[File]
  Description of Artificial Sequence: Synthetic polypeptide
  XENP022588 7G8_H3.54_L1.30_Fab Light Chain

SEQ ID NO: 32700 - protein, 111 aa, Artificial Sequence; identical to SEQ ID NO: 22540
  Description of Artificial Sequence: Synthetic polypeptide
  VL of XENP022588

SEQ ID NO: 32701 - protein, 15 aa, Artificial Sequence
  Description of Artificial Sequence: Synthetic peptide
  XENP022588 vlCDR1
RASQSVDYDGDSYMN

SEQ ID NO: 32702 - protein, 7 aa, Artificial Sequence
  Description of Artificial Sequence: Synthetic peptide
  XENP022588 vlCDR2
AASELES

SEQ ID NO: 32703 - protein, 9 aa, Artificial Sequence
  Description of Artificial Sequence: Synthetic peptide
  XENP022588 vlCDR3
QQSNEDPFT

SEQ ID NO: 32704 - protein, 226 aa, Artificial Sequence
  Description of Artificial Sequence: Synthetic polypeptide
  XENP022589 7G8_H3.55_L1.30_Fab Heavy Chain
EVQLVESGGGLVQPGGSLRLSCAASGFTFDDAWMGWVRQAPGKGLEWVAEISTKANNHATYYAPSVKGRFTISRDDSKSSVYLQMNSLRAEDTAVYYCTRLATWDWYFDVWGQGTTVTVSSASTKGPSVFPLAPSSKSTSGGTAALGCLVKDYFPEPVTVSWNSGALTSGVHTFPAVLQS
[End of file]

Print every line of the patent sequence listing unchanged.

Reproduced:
  Description of Artificial Sequence: Synthetic polypeptide
  XENP022588 7G8_H3.54_L1.30_Fab Light Chain

SEQ ID NO: 32700 - protein, 111 aa, Artificial Sequence; identical to SEQ ID NO: 22540
  Description of Artificial Sequence: Synthetic polypeptide
  VL of XENP022588

SEQ ID NO: 32701 - protein, 15 aa, Artificial Sequence
  Description of Artificial Sequence: Synthetic peptide
  XENP022588 vlCDR1
RASQSVDYDGDSYMN

SEQ ID NO: 32702 - protein, 7 aa, Artificial Sequence
  Description of Artificial Sequence: Synthetic peptide
  XENP022588 vlCDR2
AASELES

SEQ ID NO: 32703 - protein, 9 aa, Artificial Sequence
  Description of Artificial Sequence: Synthetic peptide
  XENP022588 vlCDR3
QQSNEDPFT

SEQ ID NO: 32704 - protein, 226 aa, Artificial Sequence
  Description of Artificial Sequence: Synthetic polypeptide
  XENP022589 7G8_H3.55_L1.30_Fab Heavy Chain
EVQLVESGGGLVQPGGSLRLSCAASGFTFDDAWMGWVRQAPGKGLEWVAEISTKANNHATYYAPSVKGRFTISRDDSKSSVYLQMNSLRAEDTAVYYCTRLATWDWYFDVWGQGTTVTVSSASTKGPSVFPLAPSSKSTSGGTAALGCLVKDYFPEPVTVSWNSGALTSGVHTFPAVLQS